Featured Artist: Anna Fafaliou
Anna Fafaliou’s conceptual installations and performances deal primarily with memories: the nostalgic recollection of things remembered though object association, creating new memory associations by transforming objects that used to be connected with something else prior to said intervention upon them, or ritual memory deletion.
Her artistic program reminds me of something Salman Rushdie said about writing in Imaginary Homeland:
[it’s] as close as we get to keeping a hold on the thousand and one things–childhood, certainties, cities, doubts, dreams, instants, phrases, parents, loves–that go on slipping , like sand, through our fingers.
That’s essentially what Anna’s art is about: Keeping hold of the thousand and one things.
Jonathan: Hello Anna! Let’s dive right in with what may seem like a basic, self evident question to you… many people may be curious about what – in the parlance of contemporary art – a conceptual artist is and how, in your view, this approach to making art is different. Maybe the best way to answer this is to walk me through one of your installations from its point of origin as an idea in your mind, to its material execution. Let’s take Nostros… what’s that all about?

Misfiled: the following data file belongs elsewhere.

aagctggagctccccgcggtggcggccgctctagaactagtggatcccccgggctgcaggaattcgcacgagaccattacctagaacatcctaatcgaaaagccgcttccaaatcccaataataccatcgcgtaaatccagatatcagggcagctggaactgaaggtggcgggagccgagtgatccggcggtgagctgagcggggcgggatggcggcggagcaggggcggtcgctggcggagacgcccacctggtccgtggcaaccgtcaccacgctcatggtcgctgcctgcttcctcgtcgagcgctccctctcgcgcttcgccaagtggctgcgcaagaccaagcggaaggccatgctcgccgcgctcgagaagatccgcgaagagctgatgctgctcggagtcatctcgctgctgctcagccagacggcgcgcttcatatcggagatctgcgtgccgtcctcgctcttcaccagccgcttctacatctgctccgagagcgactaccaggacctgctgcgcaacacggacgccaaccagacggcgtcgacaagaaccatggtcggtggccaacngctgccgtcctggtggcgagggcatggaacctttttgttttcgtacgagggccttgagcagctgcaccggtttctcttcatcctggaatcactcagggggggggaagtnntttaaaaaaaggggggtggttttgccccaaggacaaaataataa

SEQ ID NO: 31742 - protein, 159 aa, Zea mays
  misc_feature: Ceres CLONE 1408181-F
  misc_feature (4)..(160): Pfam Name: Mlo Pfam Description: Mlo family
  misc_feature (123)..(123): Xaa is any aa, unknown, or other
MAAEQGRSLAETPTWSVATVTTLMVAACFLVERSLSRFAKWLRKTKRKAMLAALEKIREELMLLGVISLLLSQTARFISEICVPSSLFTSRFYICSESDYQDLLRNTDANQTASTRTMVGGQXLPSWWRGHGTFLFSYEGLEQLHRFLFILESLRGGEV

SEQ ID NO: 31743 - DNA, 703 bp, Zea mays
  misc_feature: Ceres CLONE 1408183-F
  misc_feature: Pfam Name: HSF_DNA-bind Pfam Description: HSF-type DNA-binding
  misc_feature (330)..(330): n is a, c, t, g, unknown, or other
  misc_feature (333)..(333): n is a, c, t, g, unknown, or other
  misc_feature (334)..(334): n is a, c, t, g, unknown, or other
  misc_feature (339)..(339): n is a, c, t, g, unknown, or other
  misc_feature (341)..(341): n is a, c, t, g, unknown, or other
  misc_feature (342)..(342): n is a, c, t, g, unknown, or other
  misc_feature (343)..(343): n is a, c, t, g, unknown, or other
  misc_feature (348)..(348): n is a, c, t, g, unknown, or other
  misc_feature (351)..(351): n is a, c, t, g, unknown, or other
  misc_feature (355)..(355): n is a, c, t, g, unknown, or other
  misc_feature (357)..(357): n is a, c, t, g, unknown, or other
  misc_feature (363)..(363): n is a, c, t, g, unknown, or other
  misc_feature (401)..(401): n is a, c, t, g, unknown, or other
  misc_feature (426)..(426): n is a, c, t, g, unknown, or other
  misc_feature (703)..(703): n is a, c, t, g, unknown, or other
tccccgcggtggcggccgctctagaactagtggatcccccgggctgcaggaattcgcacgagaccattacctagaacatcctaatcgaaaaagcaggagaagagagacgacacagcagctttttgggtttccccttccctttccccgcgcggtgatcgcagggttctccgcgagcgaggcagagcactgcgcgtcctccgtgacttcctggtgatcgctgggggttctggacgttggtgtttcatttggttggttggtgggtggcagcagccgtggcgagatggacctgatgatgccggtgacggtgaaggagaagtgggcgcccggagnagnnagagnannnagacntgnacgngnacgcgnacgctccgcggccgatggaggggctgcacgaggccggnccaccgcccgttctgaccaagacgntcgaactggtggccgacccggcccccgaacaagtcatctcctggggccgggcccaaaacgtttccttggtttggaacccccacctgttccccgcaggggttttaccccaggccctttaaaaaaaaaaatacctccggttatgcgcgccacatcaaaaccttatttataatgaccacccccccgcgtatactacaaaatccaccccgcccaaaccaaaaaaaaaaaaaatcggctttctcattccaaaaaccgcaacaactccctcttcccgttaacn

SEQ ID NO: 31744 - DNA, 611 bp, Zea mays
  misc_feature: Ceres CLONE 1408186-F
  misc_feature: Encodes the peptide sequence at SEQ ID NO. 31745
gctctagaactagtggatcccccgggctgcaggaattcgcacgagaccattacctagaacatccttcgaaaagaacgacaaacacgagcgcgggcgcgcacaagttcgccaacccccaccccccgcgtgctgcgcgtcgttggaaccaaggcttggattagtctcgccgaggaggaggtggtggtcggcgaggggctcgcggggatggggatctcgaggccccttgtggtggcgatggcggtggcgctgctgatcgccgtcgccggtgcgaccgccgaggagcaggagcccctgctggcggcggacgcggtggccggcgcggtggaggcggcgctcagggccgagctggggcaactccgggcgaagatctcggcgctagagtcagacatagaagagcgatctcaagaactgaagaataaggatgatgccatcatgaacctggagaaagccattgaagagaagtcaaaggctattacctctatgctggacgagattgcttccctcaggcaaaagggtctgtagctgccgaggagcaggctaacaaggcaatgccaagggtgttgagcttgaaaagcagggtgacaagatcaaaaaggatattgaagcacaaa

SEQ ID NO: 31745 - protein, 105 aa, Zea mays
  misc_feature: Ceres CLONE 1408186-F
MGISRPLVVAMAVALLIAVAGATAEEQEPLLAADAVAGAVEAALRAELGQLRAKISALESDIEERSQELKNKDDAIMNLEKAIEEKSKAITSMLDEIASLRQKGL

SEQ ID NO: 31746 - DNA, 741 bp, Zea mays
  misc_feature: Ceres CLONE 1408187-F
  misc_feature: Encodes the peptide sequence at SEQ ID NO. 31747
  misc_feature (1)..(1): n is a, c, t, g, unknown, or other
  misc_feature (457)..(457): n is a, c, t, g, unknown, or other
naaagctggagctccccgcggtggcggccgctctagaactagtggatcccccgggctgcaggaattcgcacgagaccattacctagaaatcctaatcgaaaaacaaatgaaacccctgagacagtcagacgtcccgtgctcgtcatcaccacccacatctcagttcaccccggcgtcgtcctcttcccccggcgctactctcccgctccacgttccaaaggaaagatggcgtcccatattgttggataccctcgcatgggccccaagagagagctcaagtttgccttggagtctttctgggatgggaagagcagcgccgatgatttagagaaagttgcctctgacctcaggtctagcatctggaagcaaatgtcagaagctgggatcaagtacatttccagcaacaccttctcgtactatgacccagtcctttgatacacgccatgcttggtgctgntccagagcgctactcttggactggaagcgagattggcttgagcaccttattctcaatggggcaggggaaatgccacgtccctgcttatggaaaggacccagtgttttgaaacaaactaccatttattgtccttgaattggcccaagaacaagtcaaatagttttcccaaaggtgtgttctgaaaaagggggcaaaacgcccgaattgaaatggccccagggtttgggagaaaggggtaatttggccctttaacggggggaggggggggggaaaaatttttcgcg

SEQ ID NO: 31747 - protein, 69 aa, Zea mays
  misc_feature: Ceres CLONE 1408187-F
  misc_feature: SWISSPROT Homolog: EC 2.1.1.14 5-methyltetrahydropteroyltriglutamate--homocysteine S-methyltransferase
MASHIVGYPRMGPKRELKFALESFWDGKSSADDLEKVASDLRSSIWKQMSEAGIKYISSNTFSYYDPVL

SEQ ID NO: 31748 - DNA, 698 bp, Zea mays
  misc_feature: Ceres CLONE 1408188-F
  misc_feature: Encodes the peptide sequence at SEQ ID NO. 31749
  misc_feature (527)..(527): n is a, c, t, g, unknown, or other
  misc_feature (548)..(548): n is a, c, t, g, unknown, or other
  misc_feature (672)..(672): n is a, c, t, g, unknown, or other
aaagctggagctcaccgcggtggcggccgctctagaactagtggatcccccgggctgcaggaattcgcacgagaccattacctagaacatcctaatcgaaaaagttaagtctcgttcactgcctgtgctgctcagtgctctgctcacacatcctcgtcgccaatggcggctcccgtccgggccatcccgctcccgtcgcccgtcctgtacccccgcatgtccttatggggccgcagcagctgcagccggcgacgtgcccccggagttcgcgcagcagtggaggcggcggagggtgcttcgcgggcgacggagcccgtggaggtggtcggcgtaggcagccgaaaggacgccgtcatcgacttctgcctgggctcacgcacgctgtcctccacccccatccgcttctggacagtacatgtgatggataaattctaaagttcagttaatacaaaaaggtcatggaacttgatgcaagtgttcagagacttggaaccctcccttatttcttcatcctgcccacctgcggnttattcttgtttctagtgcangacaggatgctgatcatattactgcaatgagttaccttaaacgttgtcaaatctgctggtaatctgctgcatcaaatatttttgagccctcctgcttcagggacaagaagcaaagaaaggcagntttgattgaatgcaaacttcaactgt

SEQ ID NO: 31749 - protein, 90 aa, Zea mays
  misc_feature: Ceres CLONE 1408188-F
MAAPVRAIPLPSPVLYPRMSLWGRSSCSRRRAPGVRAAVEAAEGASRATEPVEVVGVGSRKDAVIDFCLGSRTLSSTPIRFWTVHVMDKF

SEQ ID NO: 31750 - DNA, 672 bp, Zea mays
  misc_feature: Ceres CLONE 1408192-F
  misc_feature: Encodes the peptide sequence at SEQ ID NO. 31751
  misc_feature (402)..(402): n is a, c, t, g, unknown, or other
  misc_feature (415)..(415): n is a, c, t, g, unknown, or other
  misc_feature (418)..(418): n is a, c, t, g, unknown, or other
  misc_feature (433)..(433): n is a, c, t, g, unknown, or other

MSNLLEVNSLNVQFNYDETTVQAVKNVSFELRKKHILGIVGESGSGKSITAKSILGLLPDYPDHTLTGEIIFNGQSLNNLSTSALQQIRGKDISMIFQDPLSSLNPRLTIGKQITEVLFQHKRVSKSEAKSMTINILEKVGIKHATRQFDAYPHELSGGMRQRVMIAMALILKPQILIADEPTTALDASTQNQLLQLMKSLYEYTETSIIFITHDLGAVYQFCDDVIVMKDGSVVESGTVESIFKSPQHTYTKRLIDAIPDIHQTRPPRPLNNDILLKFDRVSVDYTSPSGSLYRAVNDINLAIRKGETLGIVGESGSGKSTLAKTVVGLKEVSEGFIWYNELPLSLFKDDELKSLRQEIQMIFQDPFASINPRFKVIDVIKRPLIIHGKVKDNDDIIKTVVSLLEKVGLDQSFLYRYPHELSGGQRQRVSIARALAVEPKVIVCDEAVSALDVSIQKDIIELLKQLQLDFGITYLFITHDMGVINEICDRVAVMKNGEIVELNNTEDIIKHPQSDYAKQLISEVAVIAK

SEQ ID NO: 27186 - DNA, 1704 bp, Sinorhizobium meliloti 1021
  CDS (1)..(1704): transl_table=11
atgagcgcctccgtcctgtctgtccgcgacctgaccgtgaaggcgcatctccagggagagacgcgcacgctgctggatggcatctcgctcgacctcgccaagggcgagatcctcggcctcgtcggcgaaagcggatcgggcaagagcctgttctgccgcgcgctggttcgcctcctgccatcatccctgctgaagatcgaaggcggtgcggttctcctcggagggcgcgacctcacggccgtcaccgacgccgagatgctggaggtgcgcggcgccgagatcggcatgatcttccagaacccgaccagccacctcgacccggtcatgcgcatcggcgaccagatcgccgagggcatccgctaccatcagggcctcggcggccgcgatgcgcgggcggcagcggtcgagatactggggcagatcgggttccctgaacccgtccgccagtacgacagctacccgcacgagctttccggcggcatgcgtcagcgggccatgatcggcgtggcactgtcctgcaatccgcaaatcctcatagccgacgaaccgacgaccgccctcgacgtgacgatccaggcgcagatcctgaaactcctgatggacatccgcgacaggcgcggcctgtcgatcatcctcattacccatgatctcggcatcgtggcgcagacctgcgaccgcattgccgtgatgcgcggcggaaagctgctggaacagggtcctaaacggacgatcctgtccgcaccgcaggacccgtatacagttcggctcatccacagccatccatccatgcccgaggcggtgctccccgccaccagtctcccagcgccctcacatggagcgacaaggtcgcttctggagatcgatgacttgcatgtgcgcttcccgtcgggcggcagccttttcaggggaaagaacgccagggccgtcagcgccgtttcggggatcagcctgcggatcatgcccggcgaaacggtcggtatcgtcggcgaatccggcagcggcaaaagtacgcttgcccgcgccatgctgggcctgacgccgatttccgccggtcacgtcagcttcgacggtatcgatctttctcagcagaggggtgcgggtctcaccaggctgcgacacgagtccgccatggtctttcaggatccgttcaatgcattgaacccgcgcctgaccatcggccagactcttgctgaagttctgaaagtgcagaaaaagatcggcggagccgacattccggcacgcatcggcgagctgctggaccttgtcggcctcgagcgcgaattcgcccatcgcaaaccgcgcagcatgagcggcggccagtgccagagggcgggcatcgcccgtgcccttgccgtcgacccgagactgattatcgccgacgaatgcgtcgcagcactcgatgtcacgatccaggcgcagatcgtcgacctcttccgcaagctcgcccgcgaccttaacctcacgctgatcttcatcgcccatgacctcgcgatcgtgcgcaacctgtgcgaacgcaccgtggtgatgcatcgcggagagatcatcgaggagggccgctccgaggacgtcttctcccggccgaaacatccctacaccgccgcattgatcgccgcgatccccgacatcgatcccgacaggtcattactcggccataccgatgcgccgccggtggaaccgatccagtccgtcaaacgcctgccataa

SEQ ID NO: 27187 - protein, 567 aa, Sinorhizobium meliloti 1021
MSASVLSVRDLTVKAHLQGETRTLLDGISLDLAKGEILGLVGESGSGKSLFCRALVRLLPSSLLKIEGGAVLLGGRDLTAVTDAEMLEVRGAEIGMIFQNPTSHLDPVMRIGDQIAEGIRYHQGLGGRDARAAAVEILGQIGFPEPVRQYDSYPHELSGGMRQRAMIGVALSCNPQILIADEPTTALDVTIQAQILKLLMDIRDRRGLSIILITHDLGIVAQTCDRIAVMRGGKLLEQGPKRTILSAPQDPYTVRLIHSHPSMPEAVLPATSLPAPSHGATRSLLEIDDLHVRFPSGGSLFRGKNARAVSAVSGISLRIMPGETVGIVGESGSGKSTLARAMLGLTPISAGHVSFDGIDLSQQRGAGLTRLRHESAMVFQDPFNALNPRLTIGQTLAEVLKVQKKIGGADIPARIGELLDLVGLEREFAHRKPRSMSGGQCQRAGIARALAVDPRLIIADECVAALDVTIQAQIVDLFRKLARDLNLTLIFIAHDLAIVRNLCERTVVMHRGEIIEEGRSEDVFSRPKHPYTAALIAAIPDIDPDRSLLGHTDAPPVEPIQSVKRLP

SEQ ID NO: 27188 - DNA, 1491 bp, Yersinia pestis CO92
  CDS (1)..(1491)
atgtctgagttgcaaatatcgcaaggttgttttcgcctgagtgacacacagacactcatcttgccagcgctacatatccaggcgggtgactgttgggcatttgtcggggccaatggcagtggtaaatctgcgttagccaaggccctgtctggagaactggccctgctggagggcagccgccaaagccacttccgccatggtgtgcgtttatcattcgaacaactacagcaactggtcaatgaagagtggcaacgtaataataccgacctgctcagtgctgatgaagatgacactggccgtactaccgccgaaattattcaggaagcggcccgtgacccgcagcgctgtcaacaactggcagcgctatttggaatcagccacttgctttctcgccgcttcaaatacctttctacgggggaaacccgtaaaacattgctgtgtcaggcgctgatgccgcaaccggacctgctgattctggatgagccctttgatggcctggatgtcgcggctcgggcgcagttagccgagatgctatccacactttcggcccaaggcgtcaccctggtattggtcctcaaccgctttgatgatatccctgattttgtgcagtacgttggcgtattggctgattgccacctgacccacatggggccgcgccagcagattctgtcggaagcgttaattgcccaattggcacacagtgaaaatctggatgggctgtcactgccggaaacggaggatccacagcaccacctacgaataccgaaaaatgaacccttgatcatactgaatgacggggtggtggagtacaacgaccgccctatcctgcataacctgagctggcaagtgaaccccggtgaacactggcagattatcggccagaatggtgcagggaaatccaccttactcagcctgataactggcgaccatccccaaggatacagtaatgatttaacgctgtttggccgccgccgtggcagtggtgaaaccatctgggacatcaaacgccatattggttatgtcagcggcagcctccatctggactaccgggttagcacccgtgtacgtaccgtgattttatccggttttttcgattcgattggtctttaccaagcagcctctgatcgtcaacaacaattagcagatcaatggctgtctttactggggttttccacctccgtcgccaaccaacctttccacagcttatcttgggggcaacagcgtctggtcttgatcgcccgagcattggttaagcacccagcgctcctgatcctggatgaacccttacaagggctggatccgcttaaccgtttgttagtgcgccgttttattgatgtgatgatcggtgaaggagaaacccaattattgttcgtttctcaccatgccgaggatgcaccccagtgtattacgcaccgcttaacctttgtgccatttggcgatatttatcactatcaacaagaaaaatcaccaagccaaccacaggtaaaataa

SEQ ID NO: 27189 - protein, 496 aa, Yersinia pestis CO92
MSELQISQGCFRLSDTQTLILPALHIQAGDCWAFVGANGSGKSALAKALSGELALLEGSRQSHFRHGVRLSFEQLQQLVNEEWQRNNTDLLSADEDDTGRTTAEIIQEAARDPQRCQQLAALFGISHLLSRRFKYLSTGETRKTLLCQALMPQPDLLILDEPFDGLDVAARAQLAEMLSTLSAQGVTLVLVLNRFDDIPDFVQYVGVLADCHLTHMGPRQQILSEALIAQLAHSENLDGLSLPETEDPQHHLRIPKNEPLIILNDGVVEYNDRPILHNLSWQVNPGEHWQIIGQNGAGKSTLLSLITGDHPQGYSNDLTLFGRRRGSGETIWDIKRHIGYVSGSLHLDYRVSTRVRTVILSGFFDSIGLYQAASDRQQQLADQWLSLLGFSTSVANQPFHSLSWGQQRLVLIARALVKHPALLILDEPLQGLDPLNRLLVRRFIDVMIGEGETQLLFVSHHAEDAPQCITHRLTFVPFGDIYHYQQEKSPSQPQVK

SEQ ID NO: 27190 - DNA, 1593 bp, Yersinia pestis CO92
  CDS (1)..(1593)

Anna: I like the word “conceptual” because it demonstrates a certain process of creating. Everything starts from a small idea, a word, a conversation and then the research comes: loads of reading, mainly philosophy, sociology and neuroscience. And then comes the content and form.
I like the idea of having a concept taking over the aesthetics or medium with which an artist works. I want the concept to take me there. That’s how I worked with “Nostos”.
Nostos means “homecoming” and it’s the first half part of the word “Nostalgia” meaning “longing to return home”. Memory takes a major place in my art, and I find Nostalgia in particular to be really intriguing as to what it is and how it functions philosophically, psychologically and scientifically.
My art focuses on exploring the relationship between the body, space and objects. I create imaginary environments questioning the way people embody the past, present and future.
In this project I wanted to examine this need to “return home” and the need of belongingness as a main tool for mapping one’s roots and constructing the future. This brought to the foreground of my mind the connection between nostalgia and objects. It would seem the objects from our past work as marks on our timeline, as material proof that something had happened in the past that was somehow connected to that object. Storing these objects keeps us close to our past and helps us see our continuity in time.